Jeffrey D. Allred
Although 73 percent of Americans thought that predictions of the world ending Dec. 21, 2012 — the day the Mayan Long Count Calendar ends — are unlikely, 41 percent thought that preparing for a catastrophe was a smarter investment than saving through a 401(k), according to a study done by Kelton Research last January.
Whether the world ends on Friday or not, an article by Bankrate suggests how to be prepared for financial disasters.
Bernie Carr, a health care professional who writes about preparedness, said to focus on likely threats, which for her are hurricanes and tornadoes. She sets aside about $100 per month for restocking water, canned food and other supplies.
She said creating a budget is the biggest thing.
"I think of it like insurance. You always want to have it, but you never want to use it," Carr said to Bankrate. Paul Purcell, a terrorism and natural disaster preparedness trainer, agrees about the importance of having a budget.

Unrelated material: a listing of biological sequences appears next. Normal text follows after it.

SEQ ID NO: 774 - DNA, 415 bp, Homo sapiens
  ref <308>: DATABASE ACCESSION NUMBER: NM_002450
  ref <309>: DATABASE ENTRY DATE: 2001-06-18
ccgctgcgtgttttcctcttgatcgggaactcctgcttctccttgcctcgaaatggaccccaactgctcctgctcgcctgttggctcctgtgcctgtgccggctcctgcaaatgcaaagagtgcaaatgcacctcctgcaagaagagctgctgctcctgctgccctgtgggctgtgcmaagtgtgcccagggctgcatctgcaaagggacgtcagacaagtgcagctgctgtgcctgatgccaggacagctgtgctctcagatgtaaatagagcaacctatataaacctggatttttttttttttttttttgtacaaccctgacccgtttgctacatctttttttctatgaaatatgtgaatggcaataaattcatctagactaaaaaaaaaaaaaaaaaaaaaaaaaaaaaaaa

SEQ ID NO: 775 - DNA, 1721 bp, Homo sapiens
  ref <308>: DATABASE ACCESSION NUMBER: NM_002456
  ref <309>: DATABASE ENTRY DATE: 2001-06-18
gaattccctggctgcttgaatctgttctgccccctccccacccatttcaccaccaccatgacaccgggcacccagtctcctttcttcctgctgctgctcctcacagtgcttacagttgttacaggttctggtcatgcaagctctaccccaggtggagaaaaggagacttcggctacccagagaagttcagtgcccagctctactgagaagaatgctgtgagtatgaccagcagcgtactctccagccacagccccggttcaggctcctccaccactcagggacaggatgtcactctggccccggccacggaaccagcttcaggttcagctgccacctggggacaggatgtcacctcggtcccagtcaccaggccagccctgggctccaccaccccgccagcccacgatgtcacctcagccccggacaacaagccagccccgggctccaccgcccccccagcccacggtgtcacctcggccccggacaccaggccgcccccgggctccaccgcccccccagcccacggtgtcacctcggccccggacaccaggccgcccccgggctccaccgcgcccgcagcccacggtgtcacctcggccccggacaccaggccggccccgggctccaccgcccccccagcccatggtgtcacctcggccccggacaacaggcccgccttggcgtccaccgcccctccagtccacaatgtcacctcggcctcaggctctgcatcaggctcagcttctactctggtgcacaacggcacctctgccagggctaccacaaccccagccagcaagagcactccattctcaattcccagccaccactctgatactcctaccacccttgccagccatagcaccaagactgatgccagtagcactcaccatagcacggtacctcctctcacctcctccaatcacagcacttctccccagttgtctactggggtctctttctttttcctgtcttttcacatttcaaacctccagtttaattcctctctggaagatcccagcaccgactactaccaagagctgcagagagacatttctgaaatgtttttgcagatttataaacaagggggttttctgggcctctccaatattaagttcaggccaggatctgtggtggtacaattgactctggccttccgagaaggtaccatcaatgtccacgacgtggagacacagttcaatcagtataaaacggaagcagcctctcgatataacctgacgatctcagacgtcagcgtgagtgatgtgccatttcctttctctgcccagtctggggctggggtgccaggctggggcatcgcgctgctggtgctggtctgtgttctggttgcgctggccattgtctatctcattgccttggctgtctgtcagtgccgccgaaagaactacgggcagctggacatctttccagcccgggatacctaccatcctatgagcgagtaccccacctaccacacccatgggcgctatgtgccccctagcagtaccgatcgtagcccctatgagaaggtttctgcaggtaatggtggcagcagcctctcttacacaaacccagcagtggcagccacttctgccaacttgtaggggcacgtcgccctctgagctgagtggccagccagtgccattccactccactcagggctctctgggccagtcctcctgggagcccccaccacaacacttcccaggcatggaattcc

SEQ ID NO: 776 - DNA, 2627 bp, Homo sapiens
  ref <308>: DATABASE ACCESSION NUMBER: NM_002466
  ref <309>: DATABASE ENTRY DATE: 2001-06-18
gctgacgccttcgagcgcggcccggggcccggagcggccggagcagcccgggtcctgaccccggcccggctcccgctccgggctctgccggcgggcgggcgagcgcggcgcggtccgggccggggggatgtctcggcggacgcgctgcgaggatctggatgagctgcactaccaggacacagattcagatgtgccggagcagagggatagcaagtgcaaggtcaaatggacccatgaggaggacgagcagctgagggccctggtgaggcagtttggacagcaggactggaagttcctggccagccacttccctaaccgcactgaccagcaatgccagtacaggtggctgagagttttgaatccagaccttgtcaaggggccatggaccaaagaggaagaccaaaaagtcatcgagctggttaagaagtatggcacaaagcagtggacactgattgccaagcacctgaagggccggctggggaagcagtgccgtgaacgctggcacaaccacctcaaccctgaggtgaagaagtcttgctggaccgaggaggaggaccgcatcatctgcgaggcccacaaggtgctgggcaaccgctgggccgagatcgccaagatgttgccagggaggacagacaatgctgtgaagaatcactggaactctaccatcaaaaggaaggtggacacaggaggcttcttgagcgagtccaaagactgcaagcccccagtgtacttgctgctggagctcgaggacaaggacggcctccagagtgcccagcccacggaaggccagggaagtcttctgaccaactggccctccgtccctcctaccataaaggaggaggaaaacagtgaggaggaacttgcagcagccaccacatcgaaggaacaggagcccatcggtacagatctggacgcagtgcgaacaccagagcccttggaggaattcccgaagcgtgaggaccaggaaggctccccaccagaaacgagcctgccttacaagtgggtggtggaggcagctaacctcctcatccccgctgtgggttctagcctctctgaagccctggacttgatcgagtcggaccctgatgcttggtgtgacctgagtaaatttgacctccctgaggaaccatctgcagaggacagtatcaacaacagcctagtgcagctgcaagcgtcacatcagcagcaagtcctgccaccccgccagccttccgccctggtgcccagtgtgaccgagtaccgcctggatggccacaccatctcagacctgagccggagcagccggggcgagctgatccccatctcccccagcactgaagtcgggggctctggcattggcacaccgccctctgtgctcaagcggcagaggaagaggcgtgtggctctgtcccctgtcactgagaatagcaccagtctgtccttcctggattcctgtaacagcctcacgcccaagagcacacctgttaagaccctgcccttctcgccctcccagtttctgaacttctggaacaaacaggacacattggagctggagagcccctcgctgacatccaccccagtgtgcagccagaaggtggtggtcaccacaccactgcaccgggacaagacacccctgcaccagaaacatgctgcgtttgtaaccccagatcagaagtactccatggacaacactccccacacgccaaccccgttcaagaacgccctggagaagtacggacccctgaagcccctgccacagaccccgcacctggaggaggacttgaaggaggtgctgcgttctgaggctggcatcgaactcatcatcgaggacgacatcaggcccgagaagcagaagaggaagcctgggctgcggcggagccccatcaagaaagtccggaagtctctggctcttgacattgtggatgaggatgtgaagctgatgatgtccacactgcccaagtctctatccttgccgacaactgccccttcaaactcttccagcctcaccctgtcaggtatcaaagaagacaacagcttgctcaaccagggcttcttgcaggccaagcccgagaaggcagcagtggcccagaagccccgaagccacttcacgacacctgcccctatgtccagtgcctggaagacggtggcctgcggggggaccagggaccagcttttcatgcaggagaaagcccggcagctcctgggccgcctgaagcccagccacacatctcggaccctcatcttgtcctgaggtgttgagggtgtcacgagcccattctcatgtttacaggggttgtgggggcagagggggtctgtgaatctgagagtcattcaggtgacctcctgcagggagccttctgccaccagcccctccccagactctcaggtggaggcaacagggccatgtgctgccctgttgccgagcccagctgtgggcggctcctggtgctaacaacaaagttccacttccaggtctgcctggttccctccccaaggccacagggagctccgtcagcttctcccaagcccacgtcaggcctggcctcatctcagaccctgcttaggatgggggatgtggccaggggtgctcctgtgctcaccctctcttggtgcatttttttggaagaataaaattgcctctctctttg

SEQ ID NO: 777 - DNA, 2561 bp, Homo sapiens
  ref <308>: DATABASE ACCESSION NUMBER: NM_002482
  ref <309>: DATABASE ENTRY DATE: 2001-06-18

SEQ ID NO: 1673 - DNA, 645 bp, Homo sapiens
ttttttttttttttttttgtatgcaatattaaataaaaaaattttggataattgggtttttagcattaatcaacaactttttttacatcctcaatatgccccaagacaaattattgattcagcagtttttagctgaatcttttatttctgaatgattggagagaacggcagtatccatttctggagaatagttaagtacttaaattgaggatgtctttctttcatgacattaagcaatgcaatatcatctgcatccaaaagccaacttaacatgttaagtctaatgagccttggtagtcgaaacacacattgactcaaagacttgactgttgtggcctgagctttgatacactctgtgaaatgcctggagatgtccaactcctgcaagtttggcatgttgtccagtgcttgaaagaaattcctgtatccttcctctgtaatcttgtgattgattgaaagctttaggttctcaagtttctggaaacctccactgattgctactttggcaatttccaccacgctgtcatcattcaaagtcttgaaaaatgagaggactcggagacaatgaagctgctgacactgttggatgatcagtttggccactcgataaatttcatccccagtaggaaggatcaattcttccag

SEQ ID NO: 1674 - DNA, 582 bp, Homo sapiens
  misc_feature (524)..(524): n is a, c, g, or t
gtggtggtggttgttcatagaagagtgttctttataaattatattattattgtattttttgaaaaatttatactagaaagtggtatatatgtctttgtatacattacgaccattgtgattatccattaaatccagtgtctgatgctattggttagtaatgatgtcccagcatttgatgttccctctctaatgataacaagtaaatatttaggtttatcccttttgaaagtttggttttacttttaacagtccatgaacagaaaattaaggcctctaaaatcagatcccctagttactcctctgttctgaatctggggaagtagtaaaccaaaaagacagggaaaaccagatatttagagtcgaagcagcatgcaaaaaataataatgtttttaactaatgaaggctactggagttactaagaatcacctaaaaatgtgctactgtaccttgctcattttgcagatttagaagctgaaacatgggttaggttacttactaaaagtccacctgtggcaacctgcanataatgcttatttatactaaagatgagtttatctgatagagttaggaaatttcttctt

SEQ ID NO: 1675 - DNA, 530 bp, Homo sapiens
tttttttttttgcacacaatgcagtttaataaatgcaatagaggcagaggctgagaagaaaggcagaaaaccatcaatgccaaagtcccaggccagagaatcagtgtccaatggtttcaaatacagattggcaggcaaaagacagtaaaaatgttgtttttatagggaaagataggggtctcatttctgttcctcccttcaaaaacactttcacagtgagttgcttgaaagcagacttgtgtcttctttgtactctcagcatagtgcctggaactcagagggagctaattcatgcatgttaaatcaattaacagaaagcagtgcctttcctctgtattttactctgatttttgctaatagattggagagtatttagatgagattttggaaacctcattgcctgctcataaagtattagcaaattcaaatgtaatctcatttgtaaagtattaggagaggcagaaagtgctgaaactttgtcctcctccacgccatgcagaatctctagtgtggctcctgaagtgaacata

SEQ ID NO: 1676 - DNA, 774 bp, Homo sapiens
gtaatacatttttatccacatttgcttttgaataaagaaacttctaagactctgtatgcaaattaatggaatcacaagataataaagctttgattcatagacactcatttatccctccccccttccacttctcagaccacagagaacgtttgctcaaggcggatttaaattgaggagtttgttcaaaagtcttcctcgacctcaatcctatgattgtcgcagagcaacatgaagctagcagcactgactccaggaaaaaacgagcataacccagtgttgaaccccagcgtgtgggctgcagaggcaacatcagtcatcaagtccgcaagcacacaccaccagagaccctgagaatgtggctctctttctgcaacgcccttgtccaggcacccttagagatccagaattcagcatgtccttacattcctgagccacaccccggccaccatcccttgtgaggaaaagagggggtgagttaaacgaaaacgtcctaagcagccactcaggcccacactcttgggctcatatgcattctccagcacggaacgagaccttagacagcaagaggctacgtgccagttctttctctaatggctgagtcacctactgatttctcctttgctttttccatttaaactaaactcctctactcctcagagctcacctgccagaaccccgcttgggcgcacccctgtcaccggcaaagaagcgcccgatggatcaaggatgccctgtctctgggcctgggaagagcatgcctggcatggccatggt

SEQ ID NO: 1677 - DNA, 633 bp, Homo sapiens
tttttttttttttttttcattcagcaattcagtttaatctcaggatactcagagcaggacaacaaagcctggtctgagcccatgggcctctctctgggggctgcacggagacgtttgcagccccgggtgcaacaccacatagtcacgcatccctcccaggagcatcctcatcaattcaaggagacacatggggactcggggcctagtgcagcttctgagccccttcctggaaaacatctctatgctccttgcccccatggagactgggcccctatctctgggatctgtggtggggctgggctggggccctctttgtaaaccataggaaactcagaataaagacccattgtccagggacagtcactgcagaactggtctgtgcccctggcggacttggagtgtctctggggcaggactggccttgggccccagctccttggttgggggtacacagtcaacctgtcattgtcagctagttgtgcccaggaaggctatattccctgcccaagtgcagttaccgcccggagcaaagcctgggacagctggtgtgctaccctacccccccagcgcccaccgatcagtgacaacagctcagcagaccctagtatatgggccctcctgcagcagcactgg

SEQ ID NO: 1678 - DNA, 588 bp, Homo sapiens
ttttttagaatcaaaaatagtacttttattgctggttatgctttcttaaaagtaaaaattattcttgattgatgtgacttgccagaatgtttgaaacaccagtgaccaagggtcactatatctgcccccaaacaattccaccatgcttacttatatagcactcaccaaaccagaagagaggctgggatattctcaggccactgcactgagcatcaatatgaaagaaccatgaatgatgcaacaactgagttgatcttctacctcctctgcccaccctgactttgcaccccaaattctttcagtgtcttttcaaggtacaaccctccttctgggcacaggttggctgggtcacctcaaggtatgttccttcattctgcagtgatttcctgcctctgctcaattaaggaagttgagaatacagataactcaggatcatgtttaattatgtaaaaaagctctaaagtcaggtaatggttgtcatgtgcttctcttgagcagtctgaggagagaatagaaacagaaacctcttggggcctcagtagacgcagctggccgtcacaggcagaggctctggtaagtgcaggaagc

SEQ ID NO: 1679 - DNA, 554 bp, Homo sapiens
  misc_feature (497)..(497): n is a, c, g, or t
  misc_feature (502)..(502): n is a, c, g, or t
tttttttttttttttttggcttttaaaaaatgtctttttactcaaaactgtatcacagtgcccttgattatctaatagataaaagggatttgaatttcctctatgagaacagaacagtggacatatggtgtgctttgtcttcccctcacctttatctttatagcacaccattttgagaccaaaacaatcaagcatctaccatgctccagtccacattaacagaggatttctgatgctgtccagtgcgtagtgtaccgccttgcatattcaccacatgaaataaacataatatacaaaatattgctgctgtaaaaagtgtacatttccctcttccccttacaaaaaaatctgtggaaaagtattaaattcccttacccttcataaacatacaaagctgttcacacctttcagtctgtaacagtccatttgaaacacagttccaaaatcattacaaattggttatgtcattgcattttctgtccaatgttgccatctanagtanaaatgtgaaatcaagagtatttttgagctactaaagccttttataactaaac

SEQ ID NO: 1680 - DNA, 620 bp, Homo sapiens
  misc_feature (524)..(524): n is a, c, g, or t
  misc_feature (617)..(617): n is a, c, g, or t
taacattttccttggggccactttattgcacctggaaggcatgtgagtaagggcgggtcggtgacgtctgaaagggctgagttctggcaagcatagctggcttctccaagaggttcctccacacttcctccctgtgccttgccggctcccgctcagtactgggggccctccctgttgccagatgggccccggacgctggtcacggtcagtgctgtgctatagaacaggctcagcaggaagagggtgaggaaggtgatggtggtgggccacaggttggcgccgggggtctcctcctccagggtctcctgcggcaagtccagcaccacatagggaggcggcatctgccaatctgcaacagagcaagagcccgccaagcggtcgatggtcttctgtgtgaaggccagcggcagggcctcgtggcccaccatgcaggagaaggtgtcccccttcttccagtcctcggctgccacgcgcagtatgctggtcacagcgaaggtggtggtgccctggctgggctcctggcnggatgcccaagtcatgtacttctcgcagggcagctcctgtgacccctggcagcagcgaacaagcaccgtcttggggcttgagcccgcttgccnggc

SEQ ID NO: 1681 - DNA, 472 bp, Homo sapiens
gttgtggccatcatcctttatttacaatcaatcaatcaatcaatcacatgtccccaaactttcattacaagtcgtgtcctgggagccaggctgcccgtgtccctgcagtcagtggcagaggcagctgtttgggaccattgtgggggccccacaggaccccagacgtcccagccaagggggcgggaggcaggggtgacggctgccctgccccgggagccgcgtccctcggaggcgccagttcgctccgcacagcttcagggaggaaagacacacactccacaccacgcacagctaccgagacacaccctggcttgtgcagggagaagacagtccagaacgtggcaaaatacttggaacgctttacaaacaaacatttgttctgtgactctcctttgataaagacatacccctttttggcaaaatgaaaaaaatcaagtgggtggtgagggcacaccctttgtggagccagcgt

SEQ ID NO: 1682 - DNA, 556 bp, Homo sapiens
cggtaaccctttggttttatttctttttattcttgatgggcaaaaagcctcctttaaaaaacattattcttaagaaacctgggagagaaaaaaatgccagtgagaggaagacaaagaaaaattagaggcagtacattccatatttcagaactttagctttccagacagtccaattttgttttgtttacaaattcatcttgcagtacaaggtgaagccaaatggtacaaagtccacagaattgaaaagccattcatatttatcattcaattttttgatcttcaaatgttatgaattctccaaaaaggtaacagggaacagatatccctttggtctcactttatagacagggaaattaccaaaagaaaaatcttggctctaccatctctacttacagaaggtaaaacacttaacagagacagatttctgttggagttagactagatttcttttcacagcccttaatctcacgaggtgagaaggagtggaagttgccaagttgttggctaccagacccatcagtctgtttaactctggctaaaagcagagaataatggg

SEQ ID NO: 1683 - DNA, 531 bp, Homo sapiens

"Going over budget on your security puts you at risk, too," Purcell said to Bankrate. "So it's just as important to stick to a budget as it is to be prepared."
- How to eat on just $4 a day
- 15 actions families are taking today to make...
- Obama announces new birth control fixes for...
- How to pay off all your student debt with one...
- The 20 best cities to live in for first-time...
- A solution to paying that medical bill you...
- How depression threatens financial well-being
- Vet who simulates homelessness for a month...
- Allow student loan bankruptcies,... 17
- Raising a kid will cost you $245,000... 11
- Food stamp use shows continued... 9
- Want to increase attraction in your... 7
- How to eat on just $4 a day 7
- Obama announces new birth control fixes... 5
- Dave Ramsey says: Don't make... 5
- A solution to paying that medical bill... 4